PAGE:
And I saw none of it. None of the runs. No part of the rally. Not live and in person anyway.
I gave up, and I left early.
To set the stage for you, this was perhaps the eighth game that I had been to this season. After an early season hot streak, things had deteriorated, for me and the ball club.
In each of the previous two games that I had been to, the Phillies had been blown out. Not only that, but they had not even shown up. Both times they were nearly shutout, had few hits, and the games were over by the middle innings.
Thursday night was much the same. The Phillies were down 5-0 when the top of the 8th inning rolled around. They had just four hits. Yu Darvish of the Cubs was dominating, striking out ten batters over seven innings.
So, as the 7th inning rolled around, I turned to my daughter with whom I was attending the game and told her that we would give it one more inning.
Really, I wasn’t hoping for much from the Phillies at that point. The club was down 5-0 on the scoreboard and showing no life. This night on the field appeared to be solely for the many Cubs fans in the stands, including one who was seated directly behind us and had been chirping all night long.
No, I was willing to stay through the 7th inning to see, of all things, the Phillie Phanatic. Hey, the big green furry guy puts on a nice show in that frame, dancing on the Phillies dugout roof. He didn’t disappoint, doing a nice number with a dance troupe from Temple University.
And so, as the action got underway in the top of the 8th, we left.
There was a good crowd at the ball park on a beautiful night. More than 37,000 showed up. Many left, both before us and as we were leaving. But there were still many who stayed. Those who stayed to the end would be the lucky ones. Well, at least those rooting for the home team.
We headed to the car, down towards I-95, and up onto the highway northbound. At somewhere between Bridge Street and Academy Road, the Phillies scored a run. I told my daughter, who was flipping through her phone in the passenger seat, that we scored a run. “Yay” she said, with sarcastic feigned enthusiasm.
I dropped her off at her house, and continued on to home. On the way, my wife asked me to make a stop at Wawa. As I drew nearer to our neighborhood, the Phillies had put two runners on base with one out in the bottom of the 9th inning, still down 5-1.
I slipped through the dark and quiet streets of our neighborhood, my headlights streaming out and the street lamps helping light the way, and as I pulled into the Wawa parking lot a base hit by Brad Miller scored Cesar Hernandez to make it a 5-2 ball game.
Things were getting a little interesting. Roman Quinn, who has been hot for awhile now, was coming to the plate. He would be followed by Rhys Hoskins and Bryce Harper. Dare we dream?
As Cubs skipper Joe Maddon went to the mound to make a pitching change, I went into the Wawa.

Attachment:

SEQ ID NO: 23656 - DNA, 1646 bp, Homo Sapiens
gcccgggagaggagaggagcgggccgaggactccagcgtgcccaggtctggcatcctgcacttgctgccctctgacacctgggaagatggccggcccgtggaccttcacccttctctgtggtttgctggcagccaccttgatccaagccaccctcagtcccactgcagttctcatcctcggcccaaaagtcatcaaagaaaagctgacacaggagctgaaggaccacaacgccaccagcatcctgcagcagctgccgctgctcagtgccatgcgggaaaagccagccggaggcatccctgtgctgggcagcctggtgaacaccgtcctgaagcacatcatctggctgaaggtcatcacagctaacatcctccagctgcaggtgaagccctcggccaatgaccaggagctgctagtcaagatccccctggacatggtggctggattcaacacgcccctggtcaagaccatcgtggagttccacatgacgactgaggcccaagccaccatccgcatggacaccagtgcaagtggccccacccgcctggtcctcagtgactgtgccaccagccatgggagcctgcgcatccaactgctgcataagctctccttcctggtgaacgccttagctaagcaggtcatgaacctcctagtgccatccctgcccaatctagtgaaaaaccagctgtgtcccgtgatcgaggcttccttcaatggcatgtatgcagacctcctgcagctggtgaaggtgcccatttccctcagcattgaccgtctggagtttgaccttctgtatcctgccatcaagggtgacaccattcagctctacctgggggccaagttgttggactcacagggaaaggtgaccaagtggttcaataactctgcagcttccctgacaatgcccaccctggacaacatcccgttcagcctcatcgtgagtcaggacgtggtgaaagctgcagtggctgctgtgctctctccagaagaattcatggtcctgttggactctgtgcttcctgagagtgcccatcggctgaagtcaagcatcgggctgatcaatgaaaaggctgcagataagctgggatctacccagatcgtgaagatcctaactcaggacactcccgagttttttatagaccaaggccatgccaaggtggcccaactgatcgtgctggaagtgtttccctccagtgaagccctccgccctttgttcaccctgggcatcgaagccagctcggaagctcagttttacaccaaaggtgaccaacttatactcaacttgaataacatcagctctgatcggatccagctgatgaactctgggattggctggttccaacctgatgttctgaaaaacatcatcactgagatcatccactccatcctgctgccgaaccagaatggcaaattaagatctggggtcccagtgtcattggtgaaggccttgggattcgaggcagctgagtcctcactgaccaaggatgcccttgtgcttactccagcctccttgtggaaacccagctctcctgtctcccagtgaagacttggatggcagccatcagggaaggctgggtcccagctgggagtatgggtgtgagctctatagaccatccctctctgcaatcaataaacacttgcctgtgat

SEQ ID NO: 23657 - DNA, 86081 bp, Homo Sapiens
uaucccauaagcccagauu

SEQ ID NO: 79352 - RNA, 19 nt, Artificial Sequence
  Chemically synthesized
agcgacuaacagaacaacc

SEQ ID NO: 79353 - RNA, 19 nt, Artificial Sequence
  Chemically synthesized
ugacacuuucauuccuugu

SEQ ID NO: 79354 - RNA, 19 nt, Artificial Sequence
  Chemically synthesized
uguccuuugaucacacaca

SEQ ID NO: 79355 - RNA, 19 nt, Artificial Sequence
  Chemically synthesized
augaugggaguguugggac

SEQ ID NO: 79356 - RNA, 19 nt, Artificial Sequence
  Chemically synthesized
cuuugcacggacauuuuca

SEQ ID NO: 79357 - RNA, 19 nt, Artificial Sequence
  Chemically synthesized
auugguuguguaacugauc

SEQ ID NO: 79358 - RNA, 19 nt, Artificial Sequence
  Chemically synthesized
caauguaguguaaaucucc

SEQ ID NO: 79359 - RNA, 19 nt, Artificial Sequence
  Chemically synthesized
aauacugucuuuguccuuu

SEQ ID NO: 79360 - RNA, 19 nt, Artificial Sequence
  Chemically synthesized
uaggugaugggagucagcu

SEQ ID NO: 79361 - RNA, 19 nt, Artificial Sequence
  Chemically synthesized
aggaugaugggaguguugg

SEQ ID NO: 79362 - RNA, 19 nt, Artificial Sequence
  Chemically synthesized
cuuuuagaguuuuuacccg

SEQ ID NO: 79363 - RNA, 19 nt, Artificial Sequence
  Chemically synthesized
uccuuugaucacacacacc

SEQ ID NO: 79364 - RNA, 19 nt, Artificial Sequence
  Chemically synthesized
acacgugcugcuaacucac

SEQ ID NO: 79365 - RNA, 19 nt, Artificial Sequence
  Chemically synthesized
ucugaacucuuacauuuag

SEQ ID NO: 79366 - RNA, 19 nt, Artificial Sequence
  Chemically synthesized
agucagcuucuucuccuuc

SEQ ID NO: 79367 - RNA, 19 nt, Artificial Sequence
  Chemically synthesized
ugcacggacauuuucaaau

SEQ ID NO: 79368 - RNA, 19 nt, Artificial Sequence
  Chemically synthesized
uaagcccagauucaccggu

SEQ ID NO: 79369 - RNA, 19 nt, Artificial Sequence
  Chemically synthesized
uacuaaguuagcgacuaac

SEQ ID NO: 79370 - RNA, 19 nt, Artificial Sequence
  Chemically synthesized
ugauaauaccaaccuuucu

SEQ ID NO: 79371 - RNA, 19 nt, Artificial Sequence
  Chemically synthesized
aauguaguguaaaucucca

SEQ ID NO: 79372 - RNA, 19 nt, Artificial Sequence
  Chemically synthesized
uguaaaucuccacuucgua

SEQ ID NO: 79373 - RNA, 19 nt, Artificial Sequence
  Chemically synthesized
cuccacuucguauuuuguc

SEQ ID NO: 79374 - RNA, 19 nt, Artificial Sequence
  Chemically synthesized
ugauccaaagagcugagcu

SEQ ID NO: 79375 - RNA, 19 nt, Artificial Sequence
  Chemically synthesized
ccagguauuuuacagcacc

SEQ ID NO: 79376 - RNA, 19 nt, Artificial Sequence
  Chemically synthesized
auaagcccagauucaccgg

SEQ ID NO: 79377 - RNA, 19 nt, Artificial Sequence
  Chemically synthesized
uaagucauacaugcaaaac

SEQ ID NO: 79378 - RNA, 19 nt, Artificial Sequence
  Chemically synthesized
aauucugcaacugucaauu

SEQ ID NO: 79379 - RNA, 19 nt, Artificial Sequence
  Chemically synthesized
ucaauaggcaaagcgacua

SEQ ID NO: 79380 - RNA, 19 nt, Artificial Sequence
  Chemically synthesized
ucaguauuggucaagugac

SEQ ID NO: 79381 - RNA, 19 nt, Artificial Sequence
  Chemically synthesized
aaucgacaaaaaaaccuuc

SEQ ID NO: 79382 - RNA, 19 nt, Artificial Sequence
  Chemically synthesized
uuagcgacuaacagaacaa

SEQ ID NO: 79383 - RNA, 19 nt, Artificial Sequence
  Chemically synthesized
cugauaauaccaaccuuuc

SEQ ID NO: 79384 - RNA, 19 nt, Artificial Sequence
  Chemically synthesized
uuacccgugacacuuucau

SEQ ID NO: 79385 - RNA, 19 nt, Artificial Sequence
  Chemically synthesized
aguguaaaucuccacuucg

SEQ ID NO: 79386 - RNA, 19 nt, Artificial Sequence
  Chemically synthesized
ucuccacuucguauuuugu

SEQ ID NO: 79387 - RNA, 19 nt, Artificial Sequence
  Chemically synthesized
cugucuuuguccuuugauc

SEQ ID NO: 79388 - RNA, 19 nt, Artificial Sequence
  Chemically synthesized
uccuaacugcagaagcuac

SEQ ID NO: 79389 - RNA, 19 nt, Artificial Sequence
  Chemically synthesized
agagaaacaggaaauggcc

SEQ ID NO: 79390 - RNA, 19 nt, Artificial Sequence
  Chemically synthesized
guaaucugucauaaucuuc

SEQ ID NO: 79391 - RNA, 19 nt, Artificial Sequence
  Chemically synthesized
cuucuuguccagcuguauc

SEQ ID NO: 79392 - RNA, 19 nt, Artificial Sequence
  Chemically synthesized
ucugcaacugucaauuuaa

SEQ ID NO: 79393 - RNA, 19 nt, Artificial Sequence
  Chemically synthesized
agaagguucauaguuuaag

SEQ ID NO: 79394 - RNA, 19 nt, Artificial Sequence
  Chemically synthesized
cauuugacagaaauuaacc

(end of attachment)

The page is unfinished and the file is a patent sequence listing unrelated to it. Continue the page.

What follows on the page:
Got myself a coffee, and the night manager, a nice guy who I’ve seen in there many times, saw my Phillies t-shirt and cap and said “I guess they lost, huh?“
I told him that I had been down there, left when it was 5-0, but now they had a little rally going in the bottom of the 9th, down 5-2. He asked who was up, and I told him that it was Quinn. He kind of nodded with an “oh well” look on his face.
As I walked through the store to find an item for my wife, a notice came over my phone that Quinn had delivered an RBI single to make it a 5-3 game. I rushed back to Mr. Wawa Manager to let him know, and he said “guess I better find a place to listen.” I hope he did.
I got my items, paid, and left the store. Back in my car, I heard that Rhys Hoskins had somehow reached base – I just assumed a walk at that point – and that Bryce Harper was now up with the bases loaded.
Harper battled reliever Derek Holland during my four block drive home. I had just pulled in front of my house and was parking my car when…
You know the rest. Scott Franzke’s typically fantastic voice raised with the call “Swung on…hit high and deep…right field…and that…ball…is……goooooone!“
Needless to say, finishing my parking job got a little bit tougher with that adrenalin jolt.
I got out of the car and hurried into my house. My wife, knowing that I was on my way and knowing her husband, had the game on, watched that ending, and had rewound it so that I could watch the end.
Watching it on TV was just as dramatic, even knowing how it ended. I rewound a little further so that I could enjoy the entire rally. When that TV coverage got to the home run, chills again thanks to John Kruk‘s now legendary “Oh my God!!” as soon as the ball left the bat.
So, I was there on Thursday night. I was at Citizens Bank Park for the game in which the Phillies rallied from down 5-0 in the 8th inning and 5-1 in the 9th to win on a walkoff grand slam by Bryce Harper.
I had a nice evening. My daughter and I ate and had a couple of beers before the game at Pass & Stow. We enjoyed each other’s company and chatted as we watched the game.
But we were not there at the end. We didn’t get to enjoy “the moment.”
You tell yourself a lot of things when you leave early, as I have done many times over the years. Gotta beat the crowd, the traffic being the main thing. I don’t believe that what happened last night has ever happened in a game that I left early before.
So, the question is – will I ever leave early again? Of course I will. Probably the very next game that I attend. And if the Phillies are losing, even losing big, I’ll hope and pray that I get to listen on the radio and/or watch on TV as they rally again.